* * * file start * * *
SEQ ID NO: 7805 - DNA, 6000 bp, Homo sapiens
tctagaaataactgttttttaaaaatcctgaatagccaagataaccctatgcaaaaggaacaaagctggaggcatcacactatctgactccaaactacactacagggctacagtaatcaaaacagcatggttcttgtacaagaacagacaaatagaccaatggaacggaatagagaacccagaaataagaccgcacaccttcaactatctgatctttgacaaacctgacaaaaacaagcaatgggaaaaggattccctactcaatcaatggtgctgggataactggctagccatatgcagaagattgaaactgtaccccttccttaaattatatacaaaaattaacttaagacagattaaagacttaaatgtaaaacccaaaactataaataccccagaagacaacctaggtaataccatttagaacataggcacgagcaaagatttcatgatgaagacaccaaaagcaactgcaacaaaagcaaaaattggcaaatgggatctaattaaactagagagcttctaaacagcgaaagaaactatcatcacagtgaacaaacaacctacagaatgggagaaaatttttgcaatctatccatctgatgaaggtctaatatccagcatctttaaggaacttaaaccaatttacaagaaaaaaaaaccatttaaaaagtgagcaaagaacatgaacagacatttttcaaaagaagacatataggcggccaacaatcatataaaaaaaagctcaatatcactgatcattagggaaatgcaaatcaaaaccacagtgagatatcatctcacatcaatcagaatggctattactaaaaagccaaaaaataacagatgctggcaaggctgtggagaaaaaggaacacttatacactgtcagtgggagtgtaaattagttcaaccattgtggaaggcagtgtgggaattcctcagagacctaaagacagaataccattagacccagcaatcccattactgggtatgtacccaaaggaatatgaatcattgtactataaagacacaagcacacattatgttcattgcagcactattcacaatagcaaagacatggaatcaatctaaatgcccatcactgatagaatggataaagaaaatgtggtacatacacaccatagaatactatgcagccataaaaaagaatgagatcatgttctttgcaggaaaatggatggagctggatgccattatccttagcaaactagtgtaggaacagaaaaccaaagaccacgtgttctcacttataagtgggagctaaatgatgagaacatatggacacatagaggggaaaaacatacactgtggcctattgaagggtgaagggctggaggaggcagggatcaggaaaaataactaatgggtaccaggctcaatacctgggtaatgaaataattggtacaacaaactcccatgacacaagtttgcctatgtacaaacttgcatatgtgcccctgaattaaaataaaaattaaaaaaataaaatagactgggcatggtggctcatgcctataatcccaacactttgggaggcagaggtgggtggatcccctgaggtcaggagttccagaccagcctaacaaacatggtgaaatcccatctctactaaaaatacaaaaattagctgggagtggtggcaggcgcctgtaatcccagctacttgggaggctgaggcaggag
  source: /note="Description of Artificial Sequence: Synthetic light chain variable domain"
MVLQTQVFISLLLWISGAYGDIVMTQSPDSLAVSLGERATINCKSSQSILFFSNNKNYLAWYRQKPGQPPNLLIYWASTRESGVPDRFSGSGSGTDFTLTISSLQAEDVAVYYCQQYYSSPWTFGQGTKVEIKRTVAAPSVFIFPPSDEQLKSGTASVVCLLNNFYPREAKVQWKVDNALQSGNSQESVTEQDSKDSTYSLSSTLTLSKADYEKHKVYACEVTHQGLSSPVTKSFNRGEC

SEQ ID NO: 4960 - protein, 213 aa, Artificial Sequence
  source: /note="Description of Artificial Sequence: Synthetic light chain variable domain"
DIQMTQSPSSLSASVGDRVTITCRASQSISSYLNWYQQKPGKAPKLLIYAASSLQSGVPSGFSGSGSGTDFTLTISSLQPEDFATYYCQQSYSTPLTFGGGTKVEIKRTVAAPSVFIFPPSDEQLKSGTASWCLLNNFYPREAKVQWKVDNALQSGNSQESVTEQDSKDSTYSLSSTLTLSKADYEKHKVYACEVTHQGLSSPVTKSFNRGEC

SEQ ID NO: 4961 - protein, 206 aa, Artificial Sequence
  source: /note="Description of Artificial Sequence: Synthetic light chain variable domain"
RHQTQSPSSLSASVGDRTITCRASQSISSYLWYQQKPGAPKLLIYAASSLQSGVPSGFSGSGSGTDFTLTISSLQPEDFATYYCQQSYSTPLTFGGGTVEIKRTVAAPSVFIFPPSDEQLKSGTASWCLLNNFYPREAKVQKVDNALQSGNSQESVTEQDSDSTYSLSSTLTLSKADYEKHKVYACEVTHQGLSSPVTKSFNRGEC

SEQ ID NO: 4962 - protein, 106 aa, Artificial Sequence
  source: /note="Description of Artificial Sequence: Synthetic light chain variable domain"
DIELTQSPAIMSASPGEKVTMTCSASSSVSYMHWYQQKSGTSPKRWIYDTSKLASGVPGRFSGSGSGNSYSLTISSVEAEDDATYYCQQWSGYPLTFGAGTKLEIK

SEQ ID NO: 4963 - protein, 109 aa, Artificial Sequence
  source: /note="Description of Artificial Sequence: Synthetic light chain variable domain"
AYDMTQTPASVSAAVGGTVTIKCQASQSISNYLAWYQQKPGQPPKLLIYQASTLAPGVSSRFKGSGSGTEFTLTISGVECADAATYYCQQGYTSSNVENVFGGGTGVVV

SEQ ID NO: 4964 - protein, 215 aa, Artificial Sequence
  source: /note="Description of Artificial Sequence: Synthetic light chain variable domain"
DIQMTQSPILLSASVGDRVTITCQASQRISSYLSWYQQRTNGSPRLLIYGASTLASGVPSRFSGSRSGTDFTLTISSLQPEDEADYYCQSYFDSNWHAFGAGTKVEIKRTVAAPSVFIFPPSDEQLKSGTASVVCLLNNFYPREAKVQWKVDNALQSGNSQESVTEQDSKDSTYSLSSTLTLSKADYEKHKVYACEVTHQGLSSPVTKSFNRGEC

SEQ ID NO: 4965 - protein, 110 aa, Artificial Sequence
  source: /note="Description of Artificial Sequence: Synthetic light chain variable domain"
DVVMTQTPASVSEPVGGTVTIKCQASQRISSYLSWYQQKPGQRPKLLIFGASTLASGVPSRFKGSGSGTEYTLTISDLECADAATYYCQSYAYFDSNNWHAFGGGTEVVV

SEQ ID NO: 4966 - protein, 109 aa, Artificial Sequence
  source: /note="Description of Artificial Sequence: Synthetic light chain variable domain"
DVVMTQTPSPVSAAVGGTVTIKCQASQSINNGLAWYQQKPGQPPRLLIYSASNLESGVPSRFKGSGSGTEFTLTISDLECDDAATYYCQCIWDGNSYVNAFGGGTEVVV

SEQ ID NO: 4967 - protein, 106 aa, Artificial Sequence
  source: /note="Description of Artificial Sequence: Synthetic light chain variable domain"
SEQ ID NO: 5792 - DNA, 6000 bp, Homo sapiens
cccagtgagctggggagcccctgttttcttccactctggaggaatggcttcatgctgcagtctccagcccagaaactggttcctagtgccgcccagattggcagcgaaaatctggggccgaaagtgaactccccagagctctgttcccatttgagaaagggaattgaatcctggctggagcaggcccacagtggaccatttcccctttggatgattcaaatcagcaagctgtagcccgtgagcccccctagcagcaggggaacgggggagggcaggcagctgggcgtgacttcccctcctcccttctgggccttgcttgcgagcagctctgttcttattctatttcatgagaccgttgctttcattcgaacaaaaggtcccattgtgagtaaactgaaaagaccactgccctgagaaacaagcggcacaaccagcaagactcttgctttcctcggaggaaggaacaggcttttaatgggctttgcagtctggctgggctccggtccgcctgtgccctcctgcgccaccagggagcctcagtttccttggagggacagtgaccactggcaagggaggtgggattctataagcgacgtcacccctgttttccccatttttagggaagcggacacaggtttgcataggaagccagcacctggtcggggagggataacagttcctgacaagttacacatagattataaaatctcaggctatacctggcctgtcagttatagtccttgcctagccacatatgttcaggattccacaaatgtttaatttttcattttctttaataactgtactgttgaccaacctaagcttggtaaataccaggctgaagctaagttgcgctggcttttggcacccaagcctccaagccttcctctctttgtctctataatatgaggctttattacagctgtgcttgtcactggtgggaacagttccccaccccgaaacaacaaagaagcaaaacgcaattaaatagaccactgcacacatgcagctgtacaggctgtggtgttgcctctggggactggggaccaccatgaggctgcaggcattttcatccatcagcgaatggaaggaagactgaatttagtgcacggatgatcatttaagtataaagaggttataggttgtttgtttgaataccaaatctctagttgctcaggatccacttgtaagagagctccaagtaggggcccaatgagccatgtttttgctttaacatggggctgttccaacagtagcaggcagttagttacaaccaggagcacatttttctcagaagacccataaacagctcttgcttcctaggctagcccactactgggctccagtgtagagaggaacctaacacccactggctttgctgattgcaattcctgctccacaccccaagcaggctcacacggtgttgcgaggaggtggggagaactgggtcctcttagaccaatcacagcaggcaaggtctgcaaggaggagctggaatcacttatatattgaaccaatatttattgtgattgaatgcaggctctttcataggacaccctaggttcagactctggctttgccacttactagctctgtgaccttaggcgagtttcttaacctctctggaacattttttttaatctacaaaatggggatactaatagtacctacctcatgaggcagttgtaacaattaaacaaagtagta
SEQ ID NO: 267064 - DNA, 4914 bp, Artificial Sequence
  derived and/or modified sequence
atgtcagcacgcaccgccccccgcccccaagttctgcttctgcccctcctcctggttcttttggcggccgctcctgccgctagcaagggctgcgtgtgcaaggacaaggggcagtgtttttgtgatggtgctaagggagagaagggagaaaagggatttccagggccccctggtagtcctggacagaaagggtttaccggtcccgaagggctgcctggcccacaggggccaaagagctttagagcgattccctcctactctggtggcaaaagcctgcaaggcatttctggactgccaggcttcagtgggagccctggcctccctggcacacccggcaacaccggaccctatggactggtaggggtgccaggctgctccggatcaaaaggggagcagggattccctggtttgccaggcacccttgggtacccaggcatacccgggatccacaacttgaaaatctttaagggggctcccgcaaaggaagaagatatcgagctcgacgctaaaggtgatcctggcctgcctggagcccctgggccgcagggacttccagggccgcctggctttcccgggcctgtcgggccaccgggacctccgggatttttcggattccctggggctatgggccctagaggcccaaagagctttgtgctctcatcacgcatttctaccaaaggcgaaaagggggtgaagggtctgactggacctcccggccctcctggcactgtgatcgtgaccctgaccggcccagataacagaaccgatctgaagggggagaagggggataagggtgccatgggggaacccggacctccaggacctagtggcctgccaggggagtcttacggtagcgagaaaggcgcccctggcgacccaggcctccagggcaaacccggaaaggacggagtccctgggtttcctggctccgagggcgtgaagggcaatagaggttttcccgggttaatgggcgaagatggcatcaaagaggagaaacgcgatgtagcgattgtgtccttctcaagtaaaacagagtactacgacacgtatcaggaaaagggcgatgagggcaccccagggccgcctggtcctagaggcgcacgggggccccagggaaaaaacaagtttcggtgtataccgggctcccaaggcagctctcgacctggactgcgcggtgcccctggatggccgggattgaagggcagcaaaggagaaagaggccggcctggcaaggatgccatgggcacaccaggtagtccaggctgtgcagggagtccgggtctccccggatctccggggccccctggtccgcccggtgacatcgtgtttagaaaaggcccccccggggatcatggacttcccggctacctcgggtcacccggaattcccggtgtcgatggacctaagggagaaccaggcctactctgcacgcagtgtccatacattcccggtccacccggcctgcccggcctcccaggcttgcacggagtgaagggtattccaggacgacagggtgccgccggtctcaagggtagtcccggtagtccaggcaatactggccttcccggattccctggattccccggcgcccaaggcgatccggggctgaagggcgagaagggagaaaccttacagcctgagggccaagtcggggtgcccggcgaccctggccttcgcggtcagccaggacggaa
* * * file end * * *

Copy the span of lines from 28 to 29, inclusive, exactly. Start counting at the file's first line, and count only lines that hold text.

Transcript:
SEQ ID NO: 5792 - DNA, 6000 bp, Homo sapiens
cccagtgagctggggagcccctgttttcttccactctggaggaatggcttcatgctgcagtctccagcccagaaactggttcctagtgccgcccagattggcagcgaaaatctggggccgaaagtgaactccccagagctctgttcccatttgagaaagggaattgaatcctggctggagcaggcccacagtggaccatttcccctttggatgattcaaatcagcaagctgtagcccgtgagcccccctagcagcaggggaacgggggagggcaggcagctgggcgtgacttcccctcctcccttctgggccttgcttgcgagcagctctgttcttattctatttcatgagaccgttgctttcattcgaacaaaaggtcccattgtgagtaaactgaaaagaccactgccctgagaaacaagcggcacaaccagcaagactcttgctttcctcggaggaaggaacaggcttttaatgggctttgcagtctggctgggctccggtccgcctgtgccctcctgcgccaccagggagcctcagtttccttggagggacagtgaccactggcaagggaggtgggattctataagcgacgtcacccctgttttccccatttttagggaagcggacacaggtttgcataggaagccagcacctggtcggggagggataacagttcctgacaagttacacatagattataaaatctcaggctatacctggcctgtcagttatagtccttgcctagccacatatgttcaggattccacaaatgtttaatttttcattttctttaataactgtactgttgaccaacctaagcttggtaaataccaggctgaagctaagttgcgctggcttttggcacccaagcctccaagccttcctctctttgtctctataatatgaggctttattacagctgtgcttgtcactggtgggaacagttccccaccccgaaacaacaaagaagcaaaacgcaattaaatagaccactgcacacatgcagctgtacaggctgtggtgttgcctctggggactggggaccaccatgaggctgcaggcattttcatccatcagcgaatggaaggaagactgaatttagtgcacggatgatcatttaagtataaagaggttataggttgtttgtttgaataccaaatctctagttgctcaggatccacttgtaagagagctccaagtaggggcccaatgagccatgtttttgctttaacatggggctgttccaacagtagcaggcagttagttacaaccaggagcacatttttctcagaagacccataaacagctcttgcttcctaggctagcccactactgggctccagtgtagagaggaacctaacacccactggctttgctgattgcaattcctgctccacaccccaagcaggctcacacggtgttgcgaggaggtggggagaactgggtcctcttagaccaatcacagcaggcaaggtctgcaaggaggagctggaatcacttatatattgaaccaatatttattgtgattgaatgcaggctctttcataggacaccctaggttcagactctggctttgccacttactagctctgtgaccttaggcgagtttcttaacctctctggaacattttttttaatctacaaaatggggatactaatagtacctacctcatgaggcagttgtaacaattaaacaaagtagta